Former Supreme Court reporter Linda Greenhouse's bimonthly online column, "Across the Border, Over the Line ," dealt with what the teaser at nytimes.com called "the country's harsh feelings toward immigrants, even legal ones."
Greenhouse approached two recent Supreme Court immigration case from a predictable liberal angle (her treatment  of liberal Supreme Court justices was noticeably warmer than her profiles of conservatives, and she pretty much outed herself as a leftist in a 2006 Harvard commencement speech  given while she was still a reporter for the Times).
Greenhouse set up the evidently sad case of one Jose Padilla, born in Honduras, who had "lived legally in the United States for 40 years and served honorably in the military during the war in Vietnam." (This is not the enemy combatant Padilla.)
Before anyone objects that such individuals have no right to be in the country in the first place, I should make clear that today's harshly anti-immigrant legal regime applies not only to the undocumented, but to permanent legal residents as well. Jose Padilla, the Honduran-born petitioner in the recent case, has.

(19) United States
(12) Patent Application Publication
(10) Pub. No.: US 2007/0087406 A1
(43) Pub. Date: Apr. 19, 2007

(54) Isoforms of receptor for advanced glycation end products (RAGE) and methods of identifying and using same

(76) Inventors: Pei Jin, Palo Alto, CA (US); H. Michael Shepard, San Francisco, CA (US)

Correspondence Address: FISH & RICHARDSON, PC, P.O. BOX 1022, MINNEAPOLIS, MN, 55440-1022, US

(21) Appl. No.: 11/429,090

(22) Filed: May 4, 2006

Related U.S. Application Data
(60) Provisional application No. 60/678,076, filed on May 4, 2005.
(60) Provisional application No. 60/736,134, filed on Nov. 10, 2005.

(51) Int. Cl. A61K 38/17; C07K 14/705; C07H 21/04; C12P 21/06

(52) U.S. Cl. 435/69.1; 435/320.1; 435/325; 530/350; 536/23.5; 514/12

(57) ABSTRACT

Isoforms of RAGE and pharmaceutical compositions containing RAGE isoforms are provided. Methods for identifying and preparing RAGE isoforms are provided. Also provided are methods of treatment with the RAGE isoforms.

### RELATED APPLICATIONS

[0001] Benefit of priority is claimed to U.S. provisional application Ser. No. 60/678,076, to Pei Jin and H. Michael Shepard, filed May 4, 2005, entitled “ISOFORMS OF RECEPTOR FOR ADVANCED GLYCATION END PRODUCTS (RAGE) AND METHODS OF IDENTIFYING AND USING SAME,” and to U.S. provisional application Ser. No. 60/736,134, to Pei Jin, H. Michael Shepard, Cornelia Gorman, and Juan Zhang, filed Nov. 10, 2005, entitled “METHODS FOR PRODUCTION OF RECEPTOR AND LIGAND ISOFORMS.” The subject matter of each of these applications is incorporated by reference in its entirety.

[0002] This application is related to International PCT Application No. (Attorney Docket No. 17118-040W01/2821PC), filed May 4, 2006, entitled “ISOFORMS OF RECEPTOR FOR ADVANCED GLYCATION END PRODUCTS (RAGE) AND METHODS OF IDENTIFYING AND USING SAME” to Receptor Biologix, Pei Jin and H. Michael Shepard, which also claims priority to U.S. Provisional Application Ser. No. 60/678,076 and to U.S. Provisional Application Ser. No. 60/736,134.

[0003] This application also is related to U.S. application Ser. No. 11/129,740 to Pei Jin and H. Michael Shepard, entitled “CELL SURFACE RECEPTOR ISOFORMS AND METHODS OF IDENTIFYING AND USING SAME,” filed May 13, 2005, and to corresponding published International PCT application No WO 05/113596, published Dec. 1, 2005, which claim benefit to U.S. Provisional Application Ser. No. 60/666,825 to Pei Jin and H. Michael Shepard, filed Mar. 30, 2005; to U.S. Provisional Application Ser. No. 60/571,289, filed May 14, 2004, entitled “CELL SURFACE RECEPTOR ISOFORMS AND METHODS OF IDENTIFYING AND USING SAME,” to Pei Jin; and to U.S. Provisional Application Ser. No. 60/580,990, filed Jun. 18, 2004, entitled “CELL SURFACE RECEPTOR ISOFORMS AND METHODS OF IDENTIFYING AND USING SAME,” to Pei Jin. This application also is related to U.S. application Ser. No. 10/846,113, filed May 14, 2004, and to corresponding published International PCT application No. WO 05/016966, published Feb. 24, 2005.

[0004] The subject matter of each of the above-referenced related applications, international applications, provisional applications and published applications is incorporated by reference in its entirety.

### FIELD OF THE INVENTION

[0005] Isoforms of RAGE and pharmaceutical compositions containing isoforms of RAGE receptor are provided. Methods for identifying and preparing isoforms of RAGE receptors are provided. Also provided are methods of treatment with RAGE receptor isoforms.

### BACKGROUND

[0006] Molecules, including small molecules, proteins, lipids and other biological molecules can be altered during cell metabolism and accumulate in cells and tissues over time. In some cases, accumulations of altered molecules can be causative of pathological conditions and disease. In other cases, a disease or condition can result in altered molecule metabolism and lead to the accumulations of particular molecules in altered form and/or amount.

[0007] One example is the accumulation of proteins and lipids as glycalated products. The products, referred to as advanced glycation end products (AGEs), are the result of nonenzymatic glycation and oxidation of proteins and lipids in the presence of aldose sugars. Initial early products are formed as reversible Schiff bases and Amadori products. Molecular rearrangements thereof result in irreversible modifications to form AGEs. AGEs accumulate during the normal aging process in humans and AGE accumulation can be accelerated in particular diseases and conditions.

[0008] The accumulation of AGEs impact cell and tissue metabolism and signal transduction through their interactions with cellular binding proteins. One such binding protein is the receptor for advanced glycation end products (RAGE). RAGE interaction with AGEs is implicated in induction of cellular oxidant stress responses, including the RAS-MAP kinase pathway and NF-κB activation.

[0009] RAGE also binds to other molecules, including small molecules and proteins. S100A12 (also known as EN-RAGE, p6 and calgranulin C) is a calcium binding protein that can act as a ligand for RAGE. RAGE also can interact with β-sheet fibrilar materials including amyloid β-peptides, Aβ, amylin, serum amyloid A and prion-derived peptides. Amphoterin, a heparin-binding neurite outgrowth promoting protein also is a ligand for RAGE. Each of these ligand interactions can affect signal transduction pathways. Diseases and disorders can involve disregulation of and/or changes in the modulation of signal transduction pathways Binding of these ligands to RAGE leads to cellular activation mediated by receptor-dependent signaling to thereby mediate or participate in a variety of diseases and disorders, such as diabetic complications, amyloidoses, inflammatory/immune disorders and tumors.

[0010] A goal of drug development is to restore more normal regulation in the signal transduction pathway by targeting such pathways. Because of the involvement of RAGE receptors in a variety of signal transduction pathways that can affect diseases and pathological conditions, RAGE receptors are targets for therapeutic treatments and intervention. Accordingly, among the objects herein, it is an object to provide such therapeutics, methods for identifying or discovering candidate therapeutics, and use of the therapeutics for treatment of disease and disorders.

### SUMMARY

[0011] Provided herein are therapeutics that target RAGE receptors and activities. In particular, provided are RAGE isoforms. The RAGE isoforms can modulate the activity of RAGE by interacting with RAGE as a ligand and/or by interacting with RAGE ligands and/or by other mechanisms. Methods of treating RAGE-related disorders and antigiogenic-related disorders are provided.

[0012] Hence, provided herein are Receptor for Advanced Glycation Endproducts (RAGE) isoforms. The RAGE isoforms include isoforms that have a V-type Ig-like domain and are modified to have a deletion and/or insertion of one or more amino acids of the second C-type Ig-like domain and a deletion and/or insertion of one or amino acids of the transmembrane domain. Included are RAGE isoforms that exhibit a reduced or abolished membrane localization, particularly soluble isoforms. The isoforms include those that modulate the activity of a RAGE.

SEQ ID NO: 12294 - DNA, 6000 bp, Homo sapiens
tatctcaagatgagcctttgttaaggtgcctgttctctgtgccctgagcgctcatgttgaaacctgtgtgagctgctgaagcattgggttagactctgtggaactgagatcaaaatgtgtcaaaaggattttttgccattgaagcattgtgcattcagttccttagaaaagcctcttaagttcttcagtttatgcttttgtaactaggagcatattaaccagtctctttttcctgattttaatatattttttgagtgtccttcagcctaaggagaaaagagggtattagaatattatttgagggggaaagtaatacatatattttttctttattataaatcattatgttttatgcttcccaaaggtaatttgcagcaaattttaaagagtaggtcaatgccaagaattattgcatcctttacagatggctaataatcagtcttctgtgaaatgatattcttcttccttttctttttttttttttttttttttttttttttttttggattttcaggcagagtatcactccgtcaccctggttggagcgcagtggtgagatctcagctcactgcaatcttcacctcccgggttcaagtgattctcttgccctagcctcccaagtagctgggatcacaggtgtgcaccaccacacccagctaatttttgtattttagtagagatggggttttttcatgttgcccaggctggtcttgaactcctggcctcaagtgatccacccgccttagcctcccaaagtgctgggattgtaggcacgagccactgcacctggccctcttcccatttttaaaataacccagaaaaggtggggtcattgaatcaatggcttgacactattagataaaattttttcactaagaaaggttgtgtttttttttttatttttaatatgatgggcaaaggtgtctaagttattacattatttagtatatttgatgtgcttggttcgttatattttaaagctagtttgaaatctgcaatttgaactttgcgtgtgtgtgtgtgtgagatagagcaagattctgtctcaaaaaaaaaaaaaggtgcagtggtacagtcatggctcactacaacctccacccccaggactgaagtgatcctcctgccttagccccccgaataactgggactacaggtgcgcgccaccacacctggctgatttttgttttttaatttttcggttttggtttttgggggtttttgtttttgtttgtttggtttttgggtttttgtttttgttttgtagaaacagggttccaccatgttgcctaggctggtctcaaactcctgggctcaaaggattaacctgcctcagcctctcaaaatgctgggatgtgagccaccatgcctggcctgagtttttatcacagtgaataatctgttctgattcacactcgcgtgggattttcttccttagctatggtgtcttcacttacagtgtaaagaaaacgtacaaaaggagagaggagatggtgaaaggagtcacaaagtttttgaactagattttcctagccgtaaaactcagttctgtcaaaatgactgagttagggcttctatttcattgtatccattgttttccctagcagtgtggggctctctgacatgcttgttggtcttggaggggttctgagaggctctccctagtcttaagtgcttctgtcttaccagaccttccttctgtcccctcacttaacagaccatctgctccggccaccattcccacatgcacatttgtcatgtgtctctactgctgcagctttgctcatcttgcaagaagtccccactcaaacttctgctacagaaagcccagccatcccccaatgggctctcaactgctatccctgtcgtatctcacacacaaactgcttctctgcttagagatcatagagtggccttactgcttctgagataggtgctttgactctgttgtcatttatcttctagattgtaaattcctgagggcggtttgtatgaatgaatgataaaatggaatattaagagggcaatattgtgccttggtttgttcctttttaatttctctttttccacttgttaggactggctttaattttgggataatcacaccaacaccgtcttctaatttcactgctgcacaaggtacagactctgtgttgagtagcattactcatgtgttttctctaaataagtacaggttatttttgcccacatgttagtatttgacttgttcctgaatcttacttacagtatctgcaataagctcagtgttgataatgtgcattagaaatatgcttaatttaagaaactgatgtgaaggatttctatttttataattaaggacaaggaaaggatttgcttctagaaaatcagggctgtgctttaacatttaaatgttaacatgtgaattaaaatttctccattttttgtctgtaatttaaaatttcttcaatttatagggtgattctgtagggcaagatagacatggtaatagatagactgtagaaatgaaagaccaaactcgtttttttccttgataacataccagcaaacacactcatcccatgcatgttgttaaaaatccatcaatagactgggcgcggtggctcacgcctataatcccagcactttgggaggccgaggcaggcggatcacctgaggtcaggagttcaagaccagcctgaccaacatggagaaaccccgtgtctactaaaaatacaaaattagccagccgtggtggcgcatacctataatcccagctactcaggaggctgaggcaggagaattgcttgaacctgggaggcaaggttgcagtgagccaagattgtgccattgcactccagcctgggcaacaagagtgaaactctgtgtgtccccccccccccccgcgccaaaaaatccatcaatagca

Greenhouse admitted that "this Padilla is no saint either; he was caught in Kentucky at the wheel of a tractor-trailer loaded with 1,000 pounds of marijuana."
But Padilla got bad advice from his lawyer about what a guilty plea would mean for his immigration status - he was falsely told he would not be deported.
So yes, this case engendered a debate over the proper interpretation of the Sixth Amendment, and that is explanation enough for its route to the Supreme Court. Perhaps, as a matter of constitutional doctrine, it wasn't such an easy case after all. But I'm looking for a deeper answer. That it took the Supreme Court in 2010 to tell us that non-citizens are entitled to be made aware of the full dimensions of their legal peril should be understood, I think, as a kind of wake-up call. In this nation of immigrants and their descendants, we have become so obsessed with rooting out, locking up and packing off those whom we decide should not be permitted to remain among us that we are in danger of losing a moral center of gravity.
That would be the same Congress that spent months tied up in knots over how conclusively to prohibit insurance coverage for abortion under the new health care legislation, ostensibly out of concern for the unborn. Maybe someday, members of Congress will display the same concern for those who happened to have been born, but on the wrong side of the border. Maybe, just maybe, the Supreme Court will show the way.
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